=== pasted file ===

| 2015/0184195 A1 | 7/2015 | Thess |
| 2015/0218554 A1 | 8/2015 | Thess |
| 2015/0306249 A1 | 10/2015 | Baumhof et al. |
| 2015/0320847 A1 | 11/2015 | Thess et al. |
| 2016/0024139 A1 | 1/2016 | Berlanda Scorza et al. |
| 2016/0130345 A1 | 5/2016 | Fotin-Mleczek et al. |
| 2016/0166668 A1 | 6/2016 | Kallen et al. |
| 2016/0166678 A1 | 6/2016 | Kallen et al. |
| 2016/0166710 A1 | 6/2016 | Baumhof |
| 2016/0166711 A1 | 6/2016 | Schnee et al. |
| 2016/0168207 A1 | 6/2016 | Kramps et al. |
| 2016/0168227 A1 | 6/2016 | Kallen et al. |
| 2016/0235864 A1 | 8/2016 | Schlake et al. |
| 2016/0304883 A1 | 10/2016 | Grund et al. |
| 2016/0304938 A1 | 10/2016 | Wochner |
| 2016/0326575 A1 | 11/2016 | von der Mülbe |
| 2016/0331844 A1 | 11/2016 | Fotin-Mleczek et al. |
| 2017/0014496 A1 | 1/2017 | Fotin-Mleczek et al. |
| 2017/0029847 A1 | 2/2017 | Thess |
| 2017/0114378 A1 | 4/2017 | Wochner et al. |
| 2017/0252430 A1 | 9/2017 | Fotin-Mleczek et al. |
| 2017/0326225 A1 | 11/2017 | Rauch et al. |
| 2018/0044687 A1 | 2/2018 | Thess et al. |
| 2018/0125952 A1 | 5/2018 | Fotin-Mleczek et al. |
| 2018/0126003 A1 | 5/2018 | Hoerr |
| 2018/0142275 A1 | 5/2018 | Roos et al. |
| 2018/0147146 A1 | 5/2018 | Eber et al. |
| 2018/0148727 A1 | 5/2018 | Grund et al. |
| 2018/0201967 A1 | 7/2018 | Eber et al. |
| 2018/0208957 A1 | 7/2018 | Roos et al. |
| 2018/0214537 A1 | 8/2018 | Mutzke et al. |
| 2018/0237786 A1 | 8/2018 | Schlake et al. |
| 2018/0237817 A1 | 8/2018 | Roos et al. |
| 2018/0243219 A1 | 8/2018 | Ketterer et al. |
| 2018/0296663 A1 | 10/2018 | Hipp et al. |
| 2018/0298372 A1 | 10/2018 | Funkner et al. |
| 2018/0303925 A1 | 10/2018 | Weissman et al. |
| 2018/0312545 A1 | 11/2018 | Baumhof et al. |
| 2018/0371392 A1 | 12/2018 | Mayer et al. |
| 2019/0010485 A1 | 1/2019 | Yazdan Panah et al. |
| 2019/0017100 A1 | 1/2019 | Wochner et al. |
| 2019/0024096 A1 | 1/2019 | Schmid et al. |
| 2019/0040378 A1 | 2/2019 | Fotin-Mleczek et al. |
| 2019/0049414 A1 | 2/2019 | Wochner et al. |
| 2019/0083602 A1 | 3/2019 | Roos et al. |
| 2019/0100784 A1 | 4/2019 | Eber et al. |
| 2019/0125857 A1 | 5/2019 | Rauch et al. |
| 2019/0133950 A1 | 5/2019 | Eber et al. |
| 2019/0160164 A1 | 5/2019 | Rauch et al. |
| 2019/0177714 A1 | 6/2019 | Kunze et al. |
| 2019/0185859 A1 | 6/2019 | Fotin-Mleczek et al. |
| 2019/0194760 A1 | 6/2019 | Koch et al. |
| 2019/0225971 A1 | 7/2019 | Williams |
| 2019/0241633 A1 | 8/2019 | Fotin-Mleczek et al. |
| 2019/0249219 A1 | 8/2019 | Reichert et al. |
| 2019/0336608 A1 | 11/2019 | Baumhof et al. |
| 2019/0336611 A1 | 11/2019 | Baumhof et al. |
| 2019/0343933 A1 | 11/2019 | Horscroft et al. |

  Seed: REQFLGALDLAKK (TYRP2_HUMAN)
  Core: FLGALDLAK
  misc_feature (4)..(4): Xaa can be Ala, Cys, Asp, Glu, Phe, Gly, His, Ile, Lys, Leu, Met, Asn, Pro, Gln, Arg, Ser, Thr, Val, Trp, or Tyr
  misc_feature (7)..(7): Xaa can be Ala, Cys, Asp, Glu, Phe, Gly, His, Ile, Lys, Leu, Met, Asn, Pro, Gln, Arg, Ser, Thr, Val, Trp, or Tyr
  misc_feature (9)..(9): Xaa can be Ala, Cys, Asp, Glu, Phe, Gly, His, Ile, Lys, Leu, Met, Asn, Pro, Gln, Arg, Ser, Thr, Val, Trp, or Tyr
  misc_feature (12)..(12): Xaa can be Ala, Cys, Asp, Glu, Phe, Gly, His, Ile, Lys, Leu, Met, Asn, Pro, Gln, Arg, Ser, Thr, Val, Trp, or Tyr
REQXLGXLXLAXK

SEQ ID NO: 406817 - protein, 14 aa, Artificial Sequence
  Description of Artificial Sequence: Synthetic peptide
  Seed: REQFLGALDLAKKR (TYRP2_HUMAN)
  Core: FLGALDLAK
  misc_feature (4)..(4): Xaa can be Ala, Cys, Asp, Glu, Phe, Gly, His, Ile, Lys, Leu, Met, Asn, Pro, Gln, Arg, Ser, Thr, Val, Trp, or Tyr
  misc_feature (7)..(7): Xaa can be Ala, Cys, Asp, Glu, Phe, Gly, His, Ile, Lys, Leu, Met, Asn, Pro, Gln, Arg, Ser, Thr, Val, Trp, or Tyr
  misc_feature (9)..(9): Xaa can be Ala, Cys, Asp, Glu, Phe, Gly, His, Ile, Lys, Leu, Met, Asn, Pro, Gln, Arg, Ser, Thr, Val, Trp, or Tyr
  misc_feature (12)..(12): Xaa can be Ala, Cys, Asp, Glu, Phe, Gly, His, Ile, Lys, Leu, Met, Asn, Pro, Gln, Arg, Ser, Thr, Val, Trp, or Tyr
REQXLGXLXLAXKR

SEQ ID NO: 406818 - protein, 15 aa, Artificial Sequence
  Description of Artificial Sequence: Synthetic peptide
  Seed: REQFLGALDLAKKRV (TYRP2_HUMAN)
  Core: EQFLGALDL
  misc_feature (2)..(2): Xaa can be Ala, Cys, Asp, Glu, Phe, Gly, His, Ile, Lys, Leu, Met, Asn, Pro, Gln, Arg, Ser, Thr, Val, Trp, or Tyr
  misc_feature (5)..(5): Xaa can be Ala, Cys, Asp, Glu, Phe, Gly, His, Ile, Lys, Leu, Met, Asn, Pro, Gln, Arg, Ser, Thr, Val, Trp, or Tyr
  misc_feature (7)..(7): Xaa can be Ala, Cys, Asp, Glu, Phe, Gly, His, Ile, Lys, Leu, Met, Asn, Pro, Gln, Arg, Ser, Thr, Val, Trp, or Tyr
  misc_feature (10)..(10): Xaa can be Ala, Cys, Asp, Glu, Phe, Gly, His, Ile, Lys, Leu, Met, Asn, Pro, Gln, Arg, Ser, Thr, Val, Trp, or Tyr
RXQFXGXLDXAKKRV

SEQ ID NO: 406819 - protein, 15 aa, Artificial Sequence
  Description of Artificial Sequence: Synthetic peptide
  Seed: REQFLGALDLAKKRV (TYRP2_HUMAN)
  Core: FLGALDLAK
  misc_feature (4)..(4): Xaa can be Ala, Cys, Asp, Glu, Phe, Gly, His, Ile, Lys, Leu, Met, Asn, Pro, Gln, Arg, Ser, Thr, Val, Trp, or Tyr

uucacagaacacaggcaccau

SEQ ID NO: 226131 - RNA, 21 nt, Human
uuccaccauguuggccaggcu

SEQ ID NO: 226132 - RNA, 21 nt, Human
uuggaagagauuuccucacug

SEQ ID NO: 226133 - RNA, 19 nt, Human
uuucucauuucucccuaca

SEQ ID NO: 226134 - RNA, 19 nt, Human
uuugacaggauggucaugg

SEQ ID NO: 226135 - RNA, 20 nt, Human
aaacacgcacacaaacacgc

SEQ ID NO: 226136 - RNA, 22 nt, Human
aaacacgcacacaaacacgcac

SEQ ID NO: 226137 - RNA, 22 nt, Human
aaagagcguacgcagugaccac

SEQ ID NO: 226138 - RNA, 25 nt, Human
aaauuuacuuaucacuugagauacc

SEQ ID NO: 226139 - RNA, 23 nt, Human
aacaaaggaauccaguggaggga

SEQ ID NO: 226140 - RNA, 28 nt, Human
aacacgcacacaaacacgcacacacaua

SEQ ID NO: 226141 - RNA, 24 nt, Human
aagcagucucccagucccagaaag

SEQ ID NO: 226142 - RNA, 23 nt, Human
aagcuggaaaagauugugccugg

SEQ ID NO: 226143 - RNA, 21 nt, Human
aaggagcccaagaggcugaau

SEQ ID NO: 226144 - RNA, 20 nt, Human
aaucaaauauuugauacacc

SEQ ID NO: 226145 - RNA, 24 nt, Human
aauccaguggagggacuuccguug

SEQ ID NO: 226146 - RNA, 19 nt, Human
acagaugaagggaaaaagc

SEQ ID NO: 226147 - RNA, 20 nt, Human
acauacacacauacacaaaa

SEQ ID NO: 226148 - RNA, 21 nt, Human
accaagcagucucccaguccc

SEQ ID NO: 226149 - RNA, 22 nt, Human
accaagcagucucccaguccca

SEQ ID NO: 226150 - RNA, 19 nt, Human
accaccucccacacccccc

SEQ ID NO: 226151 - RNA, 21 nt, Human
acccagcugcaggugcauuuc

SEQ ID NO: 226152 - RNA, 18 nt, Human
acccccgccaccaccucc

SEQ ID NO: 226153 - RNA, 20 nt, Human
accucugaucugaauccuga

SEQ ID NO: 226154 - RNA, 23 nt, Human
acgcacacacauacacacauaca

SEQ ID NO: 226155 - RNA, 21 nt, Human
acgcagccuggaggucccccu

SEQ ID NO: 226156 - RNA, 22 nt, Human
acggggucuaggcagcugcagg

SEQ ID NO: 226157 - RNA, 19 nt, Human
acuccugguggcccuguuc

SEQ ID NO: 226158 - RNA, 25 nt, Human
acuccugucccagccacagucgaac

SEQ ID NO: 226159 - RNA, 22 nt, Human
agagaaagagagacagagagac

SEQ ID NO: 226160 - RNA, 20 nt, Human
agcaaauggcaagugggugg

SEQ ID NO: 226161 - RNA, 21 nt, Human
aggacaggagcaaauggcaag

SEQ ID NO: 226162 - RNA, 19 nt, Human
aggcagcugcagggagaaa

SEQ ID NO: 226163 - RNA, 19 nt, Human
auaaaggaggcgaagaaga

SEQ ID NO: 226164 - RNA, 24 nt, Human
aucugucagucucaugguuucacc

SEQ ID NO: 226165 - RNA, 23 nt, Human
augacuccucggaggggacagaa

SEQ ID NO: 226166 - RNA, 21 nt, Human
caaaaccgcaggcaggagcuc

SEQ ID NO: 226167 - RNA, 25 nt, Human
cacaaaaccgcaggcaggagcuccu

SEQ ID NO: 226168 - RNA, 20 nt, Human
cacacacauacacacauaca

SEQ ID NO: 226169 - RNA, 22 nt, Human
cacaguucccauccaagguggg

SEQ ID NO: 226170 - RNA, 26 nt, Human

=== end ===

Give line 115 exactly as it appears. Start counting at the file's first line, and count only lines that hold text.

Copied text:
aaggagcccaagaggcugaau